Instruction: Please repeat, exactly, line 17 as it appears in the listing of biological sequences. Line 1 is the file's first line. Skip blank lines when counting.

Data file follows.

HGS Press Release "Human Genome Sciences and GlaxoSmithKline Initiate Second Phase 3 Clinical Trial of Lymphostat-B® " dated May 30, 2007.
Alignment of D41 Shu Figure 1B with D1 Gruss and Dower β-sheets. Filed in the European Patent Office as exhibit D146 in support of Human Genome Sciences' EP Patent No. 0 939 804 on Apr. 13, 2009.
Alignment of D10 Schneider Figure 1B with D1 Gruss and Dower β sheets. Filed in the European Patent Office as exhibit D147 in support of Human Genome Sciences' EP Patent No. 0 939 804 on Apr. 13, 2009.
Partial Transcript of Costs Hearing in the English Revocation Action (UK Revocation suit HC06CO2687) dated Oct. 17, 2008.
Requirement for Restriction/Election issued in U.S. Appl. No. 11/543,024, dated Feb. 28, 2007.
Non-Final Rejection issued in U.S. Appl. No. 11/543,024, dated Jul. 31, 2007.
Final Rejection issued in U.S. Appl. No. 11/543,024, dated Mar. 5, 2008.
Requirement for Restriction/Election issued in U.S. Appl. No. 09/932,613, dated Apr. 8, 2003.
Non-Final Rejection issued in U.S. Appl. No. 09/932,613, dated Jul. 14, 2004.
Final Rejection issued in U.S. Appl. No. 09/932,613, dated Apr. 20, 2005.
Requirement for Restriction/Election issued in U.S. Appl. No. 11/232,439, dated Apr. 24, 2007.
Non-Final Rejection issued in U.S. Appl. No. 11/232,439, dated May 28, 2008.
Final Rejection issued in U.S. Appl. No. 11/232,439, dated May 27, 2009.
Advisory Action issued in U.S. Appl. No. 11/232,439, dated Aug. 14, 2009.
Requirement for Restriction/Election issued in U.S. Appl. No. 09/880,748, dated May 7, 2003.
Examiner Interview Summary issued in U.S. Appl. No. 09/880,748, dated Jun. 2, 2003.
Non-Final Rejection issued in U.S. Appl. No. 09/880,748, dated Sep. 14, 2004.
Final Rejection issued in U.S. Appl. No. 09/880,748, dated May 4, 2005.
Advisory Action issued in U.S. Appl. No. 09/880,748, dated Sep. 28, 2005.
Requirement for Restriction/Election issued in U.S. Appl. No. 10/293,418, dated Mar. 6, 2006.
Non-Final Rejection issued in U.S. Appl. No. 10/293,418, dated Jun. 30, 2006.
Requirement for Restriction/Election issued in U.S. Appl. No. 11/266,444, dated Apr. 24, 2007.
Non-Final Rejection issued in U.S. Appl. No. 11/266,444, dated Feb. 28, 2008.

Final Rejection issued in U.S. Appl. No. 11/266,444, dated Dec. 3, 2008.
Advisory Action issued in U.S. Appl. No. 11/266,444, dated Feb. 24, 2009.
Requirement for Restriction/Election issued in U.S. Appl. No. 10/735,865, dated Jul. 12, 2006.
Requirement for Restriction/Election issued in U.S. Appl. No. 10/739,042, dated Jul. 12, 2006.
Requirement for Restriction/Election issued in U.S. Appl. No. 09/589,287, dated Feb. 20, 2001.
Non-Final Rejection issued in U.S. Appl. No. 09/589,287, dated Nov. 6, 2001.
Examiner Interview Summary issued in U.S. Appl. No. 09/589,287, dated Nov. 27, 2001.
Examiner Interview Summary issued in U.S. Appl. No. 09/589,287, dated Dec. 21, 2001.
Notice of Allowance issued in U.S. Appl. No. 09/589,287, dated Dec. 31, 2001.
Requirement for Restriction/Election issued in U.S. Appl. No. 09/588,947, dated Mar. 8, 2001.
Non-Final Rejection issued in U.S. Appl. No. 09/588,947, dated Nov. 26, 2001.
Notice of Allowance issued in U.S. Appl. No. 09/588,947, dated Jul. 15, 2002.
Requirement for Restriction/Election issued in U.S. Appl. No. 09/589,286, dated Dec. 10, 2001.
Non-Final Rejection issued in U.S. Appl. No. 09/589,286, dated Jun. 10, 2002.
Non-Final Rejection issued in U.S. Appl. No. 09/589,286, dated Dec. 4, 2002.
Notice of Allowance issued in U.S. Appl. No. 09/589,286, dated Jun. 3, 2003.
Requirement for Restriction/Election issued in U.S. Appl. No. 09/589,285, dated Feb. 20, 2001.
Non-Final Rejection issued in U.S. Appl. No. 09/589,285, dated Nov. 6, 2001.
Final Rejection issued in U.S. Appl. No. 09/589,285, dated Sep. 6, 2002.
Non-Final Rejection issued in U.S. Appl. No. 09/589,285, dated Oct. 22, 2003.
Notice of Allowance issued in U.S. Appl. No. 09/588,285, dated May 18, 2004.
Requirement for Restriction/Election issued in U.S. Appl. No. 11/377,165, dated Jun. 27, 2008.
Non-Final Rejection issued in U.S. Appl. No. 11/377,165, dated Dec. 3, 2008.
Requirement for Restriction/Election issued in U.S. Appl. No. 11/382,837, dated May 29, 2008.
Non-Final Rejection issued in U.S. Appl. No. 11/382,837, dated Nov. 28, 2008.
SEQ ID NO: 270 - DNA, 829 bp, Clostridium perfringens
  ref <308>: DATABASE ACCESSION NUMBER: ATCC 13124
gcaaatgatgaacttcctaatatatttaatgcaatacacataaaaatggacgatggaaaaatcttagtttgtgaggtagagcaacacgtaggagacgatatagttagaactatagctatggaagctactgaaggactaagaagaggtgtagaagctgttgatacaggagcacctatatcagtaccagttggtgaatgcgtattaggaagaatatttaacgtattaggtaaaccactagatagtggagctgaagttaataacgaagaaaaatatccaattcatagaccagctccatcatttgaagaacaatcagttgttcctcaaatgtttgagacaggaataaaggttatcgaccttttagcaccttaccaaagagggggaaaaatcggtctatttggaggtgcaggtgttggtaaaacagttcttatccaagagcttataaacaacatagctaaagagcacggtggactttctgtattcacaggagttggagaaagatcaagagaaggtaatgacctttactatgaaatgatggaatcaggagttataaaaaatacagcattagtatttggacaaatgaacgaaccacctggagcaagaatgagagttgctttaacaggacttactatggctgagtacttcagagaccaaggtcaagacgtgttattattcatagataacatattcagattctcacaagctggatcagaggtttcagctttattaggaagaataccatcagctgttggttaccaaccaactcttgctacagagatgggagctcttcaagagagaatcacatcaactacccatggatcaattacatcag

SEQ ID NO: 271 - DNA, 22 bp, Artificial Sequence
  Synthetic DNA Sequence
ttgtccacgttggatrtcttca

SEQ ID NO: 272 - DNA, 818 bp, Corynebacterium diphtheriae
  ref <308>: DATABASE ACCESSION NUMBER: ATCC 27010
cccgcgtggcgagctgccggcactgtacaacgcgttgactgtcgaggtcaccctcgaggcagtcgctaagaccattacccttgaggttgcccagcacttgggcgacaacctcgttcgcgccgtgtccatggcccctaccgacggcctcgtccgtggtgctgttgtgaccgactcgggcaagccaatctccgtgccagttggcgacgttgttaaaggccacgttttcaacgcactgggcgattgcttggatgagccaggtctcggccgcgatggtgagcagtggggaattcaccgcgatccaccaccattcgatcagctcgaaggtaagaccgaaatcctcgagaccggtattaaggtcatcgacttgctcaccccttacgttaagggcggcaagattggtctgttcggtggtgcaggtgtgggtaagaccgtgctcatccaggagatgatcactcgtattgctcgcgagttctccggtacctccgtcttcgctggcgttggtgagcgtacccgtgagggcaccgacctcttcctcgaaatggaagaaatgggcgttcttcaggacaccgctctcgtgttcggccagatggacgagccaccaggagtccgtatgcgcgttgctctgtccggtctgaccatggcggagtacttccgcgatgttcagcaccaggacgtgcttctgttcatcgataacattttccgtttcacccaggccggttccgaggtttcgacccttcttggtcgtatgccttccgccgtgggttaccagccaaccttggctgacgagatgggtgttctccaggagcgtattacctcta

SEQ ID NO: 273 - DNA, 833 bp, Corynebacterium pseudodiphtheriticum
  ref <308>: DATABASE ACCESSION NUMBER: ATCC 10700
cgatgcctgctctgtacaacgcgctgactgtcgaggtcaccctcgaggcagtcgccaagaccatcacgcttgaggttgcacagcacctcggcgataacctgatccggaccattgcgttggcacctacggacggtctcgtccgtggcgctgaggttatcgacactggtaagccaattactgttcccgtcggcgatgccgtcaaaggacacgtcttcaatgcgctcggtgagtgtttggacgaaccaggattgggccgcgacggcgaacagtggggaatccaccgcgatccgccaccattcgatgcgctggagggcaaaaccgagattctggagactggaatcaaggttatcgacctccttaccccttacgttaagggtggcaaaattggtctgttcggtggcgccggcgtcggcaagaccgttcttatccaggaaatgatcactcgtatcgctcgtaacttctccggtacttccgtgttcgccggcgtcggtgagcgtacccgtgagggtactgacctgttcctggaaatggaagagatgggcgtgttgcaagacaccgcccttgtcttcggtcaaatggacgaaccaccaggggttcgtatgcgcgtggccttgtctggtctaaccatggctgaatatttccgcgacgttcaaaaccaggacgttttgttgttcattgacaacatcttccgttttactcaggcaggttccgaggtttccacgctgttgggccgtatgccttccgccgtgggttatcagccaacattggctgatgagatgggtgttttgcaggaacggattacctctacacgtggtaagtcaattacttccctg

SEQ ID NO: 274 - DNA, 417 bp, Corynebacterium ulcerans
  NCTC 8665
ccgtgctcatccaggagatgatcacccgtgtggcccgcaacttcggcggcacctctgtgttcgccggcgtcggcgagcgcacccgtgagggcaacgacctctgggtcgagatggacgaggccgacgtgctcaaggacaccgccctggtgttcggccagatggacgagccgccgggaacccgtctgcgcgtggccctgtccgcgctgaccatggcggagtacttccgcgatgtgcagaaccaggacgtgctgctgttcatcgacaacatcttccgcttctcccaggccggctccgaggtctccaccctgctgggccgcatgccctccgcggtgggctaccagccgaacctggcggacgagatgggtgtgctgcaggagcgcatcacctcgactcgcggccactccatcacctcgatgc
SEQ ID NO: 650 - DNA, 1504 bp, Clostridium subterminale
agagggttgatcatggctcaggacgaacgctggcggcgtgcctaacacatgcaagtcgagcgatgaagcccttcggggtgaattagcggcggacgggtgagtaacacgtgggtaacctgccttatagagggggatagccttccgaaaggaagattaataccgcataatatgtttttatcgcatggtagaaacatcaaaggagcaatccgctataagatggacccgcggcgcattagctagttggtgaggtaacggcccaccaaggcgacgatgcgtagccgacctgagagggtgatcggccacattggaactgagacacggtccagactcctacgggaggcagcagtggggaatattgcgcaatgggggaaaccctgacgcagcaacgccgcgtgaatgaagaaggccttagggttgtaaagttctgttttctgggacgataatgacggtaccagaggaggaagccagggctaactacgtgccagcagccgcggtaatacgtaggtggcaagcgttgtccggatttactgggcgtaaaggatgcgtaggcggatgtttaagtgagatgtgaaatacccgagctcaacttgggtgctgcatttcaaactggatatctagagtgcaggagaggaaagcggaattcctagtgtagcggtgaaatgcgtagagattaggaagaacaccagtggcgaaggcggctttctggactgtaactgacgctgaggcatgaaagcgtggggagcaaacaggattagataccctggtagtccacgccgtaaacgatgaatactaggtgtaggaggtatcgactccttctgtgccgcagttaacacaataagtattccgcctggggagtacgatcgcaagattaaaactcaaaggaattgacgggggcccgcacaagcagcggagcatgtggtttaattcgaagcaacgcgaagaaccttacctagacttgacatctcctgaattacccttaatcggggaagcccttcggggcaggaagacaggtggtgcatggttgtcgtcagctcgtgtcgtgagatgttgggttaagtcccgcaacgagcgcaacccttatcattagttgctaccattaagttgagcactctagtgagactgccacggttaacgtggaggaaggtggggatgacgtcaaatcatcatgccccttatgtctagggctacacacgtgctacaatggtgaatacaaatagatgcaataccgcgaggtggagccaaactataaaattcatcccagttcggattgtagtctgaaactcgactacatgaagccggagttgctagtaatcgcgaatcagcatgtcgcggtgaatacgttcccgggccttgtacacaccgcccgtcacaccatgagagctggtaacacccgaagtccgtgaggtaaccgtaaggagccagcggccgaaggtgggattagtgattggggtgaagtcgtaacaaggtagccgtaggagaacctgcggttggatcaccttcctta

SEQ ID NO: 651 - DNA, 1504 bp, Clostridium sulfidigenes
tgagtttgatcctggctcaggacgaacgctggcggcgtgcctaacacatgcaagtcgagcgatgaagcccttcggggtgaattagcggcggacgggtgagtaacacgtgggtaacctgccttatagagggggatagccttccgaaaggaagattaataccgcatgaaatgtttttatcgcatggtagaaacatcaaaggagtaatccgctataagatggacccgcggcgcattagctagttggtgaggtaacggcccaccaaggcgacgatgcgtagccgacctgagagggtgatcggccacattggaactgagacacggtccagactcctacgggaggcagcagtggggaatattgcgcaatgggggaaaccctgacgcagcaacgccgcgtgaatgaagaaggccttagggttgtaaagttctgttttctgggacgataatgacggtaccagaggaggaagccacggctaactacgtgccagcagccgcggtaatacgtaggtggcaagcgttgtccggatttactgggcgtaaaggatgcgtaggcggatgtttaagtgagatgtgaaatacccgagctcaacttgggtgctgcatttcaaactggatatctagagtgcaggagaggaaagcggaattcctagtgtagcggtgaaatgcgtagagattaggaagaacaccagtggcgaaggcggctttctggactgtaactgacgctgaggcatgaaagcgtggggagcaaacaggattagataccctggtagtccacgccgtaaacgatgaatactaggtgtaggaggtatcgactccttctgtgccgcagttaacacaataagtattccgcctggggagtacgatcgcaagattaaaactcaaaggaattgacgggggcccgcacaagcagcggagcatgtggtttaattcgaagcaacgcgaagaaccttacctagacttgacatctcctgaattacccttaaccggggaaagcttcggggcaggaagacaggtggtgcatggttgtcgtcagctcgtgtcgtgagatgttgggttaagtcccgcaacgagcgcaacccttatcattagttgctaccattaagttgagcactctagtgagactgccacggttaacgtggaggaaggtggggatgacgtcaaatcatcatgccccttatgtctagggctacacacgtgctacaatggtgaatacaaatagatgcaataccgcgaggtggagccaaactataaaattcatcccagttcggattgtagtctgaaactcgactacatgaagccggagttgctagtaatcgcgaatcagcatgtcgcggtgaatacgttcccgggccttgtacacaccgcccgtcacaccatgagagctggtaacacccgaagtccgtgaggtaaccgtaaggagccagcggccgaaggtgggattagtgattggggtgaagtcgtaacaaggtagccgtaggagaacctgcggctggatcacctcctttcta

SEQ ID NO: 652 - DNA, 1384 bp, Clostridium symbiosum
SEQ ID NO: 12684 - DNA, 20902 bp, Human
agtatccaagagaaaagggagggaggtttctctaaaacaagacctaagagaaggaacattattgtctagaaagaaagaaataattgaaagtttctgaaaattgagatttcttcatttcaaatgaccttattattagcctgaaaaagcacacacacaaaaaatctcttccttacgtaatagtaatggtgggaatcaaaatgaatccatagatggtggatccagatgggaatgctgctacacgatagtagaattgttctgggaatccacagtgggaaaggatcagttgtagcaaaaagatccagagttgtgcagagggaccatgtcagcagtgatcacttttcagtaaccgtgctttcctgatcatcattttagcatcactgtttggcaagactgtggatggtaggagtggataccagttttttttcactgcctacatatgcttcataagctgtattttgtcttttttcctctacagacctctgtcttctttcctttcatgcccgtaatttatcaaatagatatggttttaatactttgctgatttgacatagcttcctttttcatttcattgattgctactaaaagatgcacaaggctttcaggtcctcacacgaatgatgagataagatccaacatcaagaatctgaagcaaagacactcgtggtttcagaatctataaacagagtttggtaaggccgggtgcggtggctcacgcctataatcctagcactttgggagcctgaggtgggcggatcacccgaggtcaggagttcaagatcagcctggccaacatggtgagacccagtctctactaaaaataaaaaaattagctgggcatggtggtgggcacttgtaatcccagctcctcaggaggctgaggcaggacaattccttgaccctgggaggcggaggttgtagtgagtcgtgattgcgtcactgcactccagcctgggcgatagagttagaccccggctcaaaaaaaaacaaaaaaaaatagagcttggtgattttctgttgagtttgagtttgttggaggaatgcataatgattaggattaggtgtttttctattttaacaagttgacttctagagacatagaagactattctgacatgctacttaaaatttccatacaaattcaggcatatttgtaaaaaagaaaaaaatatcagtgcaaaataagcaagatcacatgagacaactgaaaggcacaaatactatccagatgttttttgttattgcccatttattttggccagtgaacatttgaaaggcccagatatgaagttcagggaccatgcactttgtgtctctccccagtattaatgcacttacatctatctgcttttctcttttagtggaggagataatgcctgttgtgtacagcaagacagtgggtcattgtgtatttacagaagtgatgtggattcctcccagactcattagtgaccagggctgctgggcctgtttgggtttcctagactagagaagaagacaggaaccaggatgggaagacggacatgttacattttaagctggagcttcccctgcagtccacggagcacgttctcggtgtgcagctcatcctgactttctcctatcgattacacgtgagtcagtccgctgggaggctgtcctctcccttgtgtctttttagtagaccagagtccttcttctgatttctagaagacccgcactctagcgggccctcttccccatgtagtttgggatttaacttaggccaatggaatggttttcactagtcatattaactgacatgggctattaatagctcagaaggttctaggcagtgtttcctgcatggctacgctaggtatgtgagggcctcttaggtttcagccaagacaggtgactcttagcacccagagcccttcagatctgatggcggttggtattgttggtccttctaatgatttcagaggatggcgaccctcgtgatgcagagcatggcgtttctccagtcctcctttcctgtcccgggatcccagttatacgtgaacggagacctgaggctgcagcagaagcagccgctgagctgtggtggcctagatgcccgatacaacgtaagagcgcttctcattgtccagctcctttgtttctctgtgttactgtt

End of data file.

Non-Final Rejection issued in U.S. Appl. No. 09/880,748, dated Sep. 14, 2004.